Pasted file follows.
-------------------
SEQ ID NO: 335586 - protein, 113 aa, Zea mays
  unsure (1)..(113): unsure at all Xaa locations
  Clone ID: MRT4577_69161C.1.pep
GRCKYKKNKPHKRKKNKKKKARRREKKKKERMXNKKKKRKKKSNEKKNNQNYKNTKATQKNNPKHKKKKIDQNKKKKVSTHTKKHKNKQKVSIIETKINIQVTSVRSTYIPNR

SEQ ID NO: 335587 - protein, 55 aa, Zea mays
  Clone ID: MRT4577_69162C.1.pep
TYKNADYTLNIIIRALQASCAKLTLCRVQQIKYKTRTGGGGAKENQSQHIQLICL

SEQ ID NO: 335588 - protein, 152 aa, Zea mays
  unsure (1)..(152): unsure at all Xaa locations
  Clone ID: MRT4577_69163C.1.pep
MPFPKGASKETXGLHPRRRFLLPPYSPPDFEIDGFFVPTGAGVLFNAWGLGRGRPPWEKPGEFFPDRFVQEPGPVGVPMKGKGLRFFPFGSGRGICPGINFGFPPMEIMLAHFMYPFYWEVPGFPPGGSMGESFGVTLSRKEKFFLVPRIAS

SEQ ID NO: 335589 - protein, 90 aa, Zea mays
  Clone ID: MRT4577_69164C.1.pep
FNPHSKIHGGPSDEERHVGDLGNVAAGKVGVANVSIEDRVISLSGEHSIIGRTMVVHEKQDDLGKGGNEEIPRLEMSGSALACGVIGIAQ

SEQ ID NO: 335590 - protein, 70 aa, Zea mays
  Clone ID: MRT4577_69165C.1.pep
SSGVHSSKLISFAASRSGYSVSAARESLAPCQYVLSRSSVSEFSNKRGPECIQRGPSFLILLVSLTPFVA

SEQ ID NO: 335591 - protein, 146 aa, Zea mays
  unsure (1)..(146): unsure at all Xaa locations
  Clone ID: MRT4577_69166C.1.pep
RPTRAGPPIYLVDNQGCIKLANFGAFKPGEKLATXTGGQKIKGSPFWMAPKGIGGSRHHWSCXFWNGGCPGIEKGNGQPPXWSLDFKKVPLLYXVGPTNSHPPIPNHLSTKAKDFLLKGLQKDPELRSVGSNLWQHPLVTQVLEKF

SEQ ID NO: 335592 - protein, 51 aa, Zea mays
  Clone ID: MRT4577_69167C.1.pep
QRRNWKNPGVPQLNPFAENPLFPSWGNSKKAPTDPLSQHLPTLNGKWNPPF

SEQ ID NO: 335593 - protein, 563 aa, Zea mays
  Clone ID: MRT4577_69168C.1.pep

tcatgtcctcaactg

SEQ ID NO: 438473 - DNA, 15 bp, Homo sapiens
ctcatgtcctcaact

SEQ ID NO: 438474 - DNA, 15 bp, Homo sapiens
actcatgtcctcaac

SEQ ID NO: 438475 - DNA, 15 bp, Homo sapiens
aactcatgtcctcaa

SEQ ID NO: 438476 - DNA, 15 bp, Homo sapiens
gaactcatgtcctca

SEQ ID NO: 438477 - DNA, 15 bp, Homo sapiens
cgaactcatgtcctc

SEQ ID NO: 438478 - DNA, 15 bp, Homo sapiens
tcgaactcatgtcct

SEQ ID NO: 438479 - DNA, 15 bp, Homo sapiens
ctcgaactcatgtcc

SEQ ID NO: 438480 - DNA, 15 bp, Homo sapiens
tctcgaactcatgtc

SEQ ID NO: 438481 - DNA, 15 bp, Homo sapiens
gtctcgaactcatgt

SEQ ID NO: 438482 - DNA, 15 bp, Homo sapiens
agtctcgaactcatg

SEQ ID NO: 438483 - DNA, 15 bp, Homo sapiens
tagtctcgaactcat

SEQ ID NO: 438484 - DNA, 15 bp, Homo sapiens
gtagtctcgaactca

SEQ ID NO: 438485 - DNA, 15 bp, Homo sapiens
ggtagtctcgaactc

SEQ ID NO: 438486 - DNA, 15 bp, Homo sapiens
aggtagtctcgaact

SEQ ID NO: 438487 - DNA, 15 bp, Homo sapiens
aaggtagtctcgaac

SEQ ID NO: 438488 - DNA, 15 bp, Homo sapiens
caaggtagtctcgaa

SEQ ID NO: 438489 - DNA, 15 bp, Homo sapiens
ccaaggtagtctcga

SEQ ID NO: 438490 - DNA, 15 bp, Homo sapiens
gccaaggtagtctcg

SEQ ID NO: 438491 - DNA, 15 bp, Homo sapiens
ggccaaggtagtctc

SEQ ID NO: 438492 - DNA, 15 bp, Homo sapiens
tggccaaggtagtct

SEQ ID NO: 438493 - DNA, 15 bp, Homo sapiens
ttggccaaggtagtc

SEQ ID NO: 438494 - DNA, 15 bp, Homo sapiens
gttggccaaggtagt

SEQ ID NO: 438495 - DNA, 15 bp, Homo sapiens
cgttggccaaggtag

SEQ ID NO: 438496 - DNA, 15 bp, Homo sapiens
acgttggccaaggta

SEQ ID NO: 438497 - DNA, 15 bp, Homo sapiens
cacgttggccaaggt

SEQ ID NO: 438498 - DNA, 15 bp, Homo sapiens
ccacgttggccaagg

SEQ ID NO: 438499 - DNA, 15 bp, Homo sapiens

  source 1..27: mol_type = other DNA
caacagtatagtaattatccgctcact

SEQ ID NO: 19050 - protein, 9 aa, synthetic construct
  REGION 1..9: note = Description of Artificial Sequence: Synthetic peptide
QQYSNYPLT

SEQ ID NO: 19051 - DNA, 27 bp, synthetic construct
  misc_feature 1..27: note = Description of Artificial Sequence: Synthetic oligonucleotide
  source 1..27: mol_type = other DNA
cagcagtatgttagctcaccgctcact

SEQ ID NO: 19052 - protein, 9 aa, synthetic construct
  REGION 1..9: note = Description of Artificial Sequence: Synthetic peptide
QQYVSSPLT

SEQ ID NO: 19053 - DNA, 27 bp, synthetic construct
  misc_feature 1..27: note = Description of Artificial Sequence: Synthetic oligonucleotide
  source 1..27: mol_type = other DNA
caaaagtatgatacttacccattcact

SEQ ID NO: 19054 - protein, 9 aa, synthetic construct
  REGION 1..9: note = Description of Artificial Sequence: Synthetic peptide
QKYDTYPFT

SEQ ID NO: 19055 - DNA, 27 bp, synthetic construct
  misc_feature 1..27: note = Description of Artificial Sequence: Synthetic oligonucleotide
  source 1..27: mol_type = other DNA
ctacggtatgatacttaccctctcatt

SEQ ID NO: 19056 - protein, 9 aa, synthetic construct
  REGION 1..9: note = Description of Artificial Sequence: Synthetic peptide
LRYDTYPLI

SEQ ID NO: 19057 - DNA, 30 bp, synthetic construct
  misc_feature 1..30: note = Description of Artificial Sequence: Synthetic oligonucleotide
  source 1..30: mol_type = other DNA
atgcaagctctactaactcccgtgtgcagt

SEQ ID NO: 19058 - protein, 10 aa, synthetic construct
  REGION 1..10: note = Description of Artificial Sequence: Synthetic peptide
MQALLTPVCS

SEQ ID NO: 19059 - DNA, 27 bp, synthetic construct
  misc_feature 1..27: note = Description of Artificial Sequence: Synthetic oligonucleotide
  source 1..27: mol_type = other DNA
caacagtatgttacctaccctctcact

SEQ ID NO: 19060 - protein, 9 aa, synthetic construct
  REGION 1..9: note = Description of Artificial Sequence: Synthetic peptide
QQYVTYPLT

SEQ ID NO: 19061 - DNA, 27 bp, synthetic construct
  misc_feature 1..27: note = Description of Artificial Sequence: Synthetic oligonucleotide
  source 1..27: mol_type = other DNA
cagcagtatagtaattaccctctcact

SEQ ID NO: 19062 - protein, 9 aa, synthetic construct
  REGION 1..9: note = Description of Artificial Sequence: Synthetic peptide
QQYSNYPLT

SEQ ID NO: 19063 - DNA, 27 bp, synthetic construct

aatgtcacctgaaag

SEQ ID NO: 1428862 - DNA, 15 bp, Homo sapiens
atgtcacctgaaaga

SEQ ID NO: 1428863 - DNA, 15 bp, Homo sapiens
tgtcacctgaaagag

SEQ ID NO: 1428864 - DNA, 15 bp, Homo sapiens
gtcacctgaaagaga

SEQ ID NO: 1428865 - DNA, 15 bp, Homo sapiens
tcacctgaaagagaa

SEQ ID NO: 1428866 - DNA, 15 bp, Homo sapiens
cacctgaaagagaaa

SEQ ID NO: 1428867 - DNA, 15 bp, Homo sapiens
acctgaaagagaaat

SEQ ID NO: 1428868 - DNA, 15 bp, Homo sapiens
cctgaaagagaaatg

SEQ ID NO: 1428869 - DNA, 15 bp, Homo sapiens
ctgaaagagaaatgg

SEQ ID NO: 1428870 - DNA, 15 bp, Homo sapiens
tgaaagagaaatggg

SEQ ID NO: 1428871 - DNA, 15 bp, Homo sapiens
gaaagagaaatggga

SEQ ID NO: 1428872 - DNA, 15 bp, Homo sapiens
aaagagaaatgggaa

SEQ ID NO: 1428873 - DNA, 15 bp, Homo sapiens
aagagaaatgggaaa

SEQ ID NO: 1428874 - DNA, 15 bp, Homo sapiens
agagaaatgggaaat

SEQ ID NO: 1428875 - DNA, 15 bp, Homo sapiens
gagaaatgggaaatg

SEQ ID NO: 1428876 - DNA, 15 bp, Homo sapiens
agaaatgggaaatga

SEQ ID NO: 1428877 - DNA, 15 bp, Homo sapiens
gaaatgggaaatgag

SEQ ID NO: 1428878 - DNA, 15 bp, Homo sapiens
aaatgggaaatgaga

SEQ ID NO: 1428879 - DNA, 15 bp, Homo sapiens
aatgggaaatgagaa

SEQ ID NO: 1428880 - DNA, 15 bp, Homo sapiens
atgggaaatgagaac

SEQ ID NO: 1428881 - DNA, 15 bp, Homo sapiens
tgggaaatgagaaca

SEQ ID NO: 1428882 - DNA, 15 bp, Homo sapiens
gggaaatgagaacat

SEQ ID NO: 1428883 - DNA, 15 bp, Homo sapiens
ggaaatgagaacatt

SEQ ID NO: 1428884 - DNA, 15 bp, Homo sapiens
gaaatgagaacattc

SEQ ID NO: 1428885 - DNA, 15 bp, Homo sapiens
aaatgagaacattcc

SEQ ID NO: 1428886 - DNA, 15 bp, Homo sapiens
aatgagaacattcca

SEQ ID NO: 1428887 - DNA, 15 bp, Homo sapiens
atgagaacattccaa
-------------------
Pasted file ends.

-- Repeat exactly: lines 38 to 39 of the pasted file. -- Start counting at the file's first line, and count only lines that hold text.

SEQ ID NO: 438478 - DNA, 15 bp, Homo sapiens
tcgaactcatgtcct